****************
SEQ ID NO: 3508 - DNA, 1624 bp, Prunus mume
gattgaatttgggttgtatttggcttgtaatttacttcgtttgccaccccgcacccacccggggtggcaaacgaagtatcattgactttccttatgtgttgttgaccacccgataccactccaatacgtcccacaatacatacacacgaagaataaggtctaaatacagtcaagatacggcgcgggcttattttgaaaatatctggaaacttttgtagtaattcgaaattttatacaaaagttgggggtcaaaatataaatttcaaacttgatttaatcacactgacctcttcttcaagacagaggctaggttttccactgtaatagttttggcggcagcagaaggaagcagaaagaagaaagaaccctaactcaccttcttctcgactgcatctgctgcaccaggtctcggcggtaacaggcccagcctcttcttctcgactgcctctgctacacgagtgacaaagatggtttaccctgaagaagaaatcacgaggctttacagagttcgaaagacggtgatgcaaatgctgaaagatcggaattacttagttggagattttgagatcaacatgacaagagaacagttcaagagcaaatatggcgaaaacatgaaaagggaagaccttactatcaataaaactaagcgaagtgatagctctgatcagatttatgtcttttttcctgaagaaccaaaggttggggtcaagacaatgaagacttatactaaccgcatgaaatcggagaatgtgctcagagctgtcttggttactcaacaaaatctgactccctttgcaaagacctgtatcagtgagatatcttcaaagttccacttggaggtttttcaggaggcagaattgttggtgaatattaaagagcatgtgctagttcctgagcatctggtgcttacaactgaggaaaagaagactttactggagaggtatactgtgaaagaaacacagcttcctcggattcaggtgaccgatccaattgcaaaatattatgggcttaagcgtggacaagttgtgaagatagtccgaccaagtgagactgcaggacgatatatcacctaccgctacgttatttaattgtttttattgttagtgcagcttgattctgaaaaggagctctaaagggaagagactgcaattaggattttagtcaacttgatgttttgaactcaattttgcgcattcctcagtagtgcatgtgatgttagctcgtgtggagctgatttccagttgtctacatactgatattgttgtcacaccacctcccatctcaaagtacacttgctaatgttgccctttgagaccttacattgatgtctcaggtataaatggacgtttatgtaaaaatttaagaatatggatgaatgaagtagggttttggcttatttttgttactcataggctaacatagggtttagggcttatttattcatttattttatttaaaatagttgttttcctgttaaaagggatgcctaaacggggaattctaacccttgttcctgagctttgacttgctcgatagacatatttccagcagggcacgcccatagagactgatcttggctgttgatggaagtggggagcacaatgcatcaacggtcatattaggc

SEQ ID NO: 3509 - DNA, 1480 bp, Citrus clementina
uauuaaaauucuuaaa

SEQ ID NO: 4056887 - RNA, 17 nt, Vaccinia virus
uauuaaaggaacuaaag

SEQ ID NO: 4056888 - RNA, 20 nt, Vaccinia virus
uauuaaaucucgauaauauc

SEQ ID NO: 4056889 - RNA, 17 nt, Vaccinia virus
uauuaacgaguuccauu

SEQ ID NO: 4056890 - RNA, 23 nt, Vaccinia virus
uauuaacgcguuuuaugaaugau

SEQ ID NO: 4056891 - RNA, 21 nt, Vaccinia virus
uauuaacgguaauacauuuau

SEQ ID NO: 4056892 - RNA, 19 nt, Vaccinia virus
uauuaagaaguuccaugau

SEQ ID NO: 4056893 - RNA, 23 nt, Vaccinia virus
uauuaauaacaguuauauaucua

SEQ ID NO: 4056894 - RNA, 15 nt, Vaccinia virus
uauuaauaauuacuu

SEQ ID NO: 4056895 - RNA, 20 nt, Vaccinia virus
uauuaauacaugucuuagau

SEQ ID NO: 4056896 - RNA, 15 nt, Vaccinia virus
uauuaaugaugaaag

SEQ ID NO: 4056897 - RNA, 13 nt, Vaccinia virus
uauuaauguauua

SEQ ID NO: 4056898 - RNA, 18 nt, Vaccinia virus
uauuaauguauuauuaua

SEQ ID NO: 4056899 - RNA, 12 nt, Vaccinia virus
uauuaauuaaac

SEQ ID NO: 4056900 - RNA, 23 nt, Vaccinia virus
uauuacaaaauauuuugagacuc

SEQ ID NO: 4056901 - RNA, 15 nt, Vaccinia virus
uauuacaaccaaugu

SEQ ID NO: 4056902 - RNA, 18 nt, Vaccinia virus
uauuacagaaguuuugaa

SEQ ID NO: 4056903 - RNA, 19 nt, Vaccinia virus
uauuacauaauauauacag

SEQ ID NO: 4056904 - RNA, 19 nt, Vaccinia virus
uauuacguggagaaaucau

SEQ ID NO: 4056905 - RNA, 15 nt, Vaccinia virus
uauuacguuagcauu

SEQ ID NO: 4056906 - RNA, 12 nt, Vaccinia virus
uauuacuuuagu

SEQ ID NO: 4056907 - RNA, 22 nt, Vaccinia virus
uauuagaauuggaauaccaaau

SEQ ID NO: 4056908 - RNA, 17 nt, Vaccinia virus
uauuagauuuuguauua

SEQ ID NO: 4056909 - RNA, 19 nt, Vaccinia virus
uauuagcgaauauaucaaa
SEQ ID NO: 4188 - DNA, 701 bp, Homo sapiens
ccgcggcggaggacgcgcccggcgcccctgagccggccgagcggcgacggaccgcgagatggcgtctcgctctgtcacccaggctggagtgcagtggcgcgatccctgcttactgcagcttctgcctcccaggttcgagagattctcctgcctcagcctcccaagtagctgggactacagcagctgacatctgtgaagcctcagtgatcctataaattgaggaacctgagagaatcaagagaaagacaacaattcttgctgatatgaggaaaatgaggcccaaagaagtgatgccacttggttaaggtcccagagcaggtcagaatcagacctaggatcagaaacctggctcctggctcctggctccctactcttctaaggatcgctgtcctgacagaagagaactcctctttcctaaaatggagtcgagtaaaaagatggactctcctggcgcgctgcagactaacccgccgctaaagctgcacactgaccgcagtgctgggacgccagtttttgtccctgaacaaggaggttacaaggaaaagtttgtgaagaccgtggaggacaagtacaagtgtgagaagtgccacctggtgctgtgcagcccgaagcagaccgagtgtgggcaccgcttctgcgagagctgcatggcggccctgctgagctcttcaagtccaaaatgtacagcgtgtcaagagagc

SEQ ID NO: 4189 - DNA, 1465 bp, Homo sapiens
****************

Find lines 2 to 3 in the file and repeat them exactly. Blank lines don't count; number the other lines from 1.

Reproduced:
gattgaatttgggttgtatttggcttgtaatttacttcgtttgccaccccgcacccacccggggtggcaaacgaagtatcattgactttccttatgtgttgttgaccacccgataccactccaatacgtcccacaatacatacacacgaagaataaggtctaaatacagtcaagatacggcgcgggcttattttgaaaatatctggaaacttttgtagtaattcgaaattttatacaaaagttgggggtcaaaatataaatttcaaacttgatttaatcacactgacctcttcttcaagacagaggctaggttttccactgtaatagttttggcggcagcagaaggaagcagaaagaagaaagaaccctaactcaccttcttctcgactgcatctgctgcaccaggtctcggcggtaacaggcccagcctcttcttctcgactgcctctgctacacgagtgacaaagatggtttaccctgaagaagaaatcacgaggctttacagagttcgaaagacggtgatgcaaatgctgaaagatcggaattacttagttggagattttgagatcaacatgacaagagaacagttcaagagcaaatatggcgaaaacatgaaaagggaagaccttactatcaataaaactaagcgaagtgatagctctgatcagatttatgtcttttttcctgaagaaccaaaggttggggtcaagacaatgaagacttatactaaccgcatgaaatcggagaatgtgctcagagctgtcttggttactcaacaaaatctgactccctttgcaaagacctgtatcagtgagatatcttcaaagttccacttggaggtttttcaggaggcagaattgttggtgaatattaaagagcatgtgctagttcctgagcatctggtgcttacaactgaggaaaagaagactttactggagaggtatactgtgaaagaaacacagcttcctcggattcaggtgaccgatccaattgcaaaatattatgggcttaagcgtggacaagttgtgaagatagtccgaccaagtgagactgcaggacgatatatcacctaccgctacgttatttaattgtttttattgttagtgcagcttgattctgaaaaggagctctaaagggaagagactgcaattaggattttagtcaacttgatgttttgaactcaattttgcgcattcctcagtagtgcatgtgatgttagctcgtgtggagctgatttccagttgtctacatactgatattgttgtcacaccacctcccatctcaaagtacacttgctaatgttgccctttgagaccttacattgatgtctcaggtataaatggacgtttatgtaaaaatttaagaatatggatgaatgaagtagggttttggcttatttttgttactcataggctaacatagggtttagggcttatttattcatttattttatttaaaatagttgttttcctgttaaaagggatgcctaaacggggaattctaacccttgttcctgagctttgacttgctcgatagacatatttccagcagggcacgcccatagagactgatcttggctgttgatggaagtggggagcacaatgcatcaacggtcatattaggc

SEQ ID NO: 3509 - DNA, 1480 bp, Citrus clementina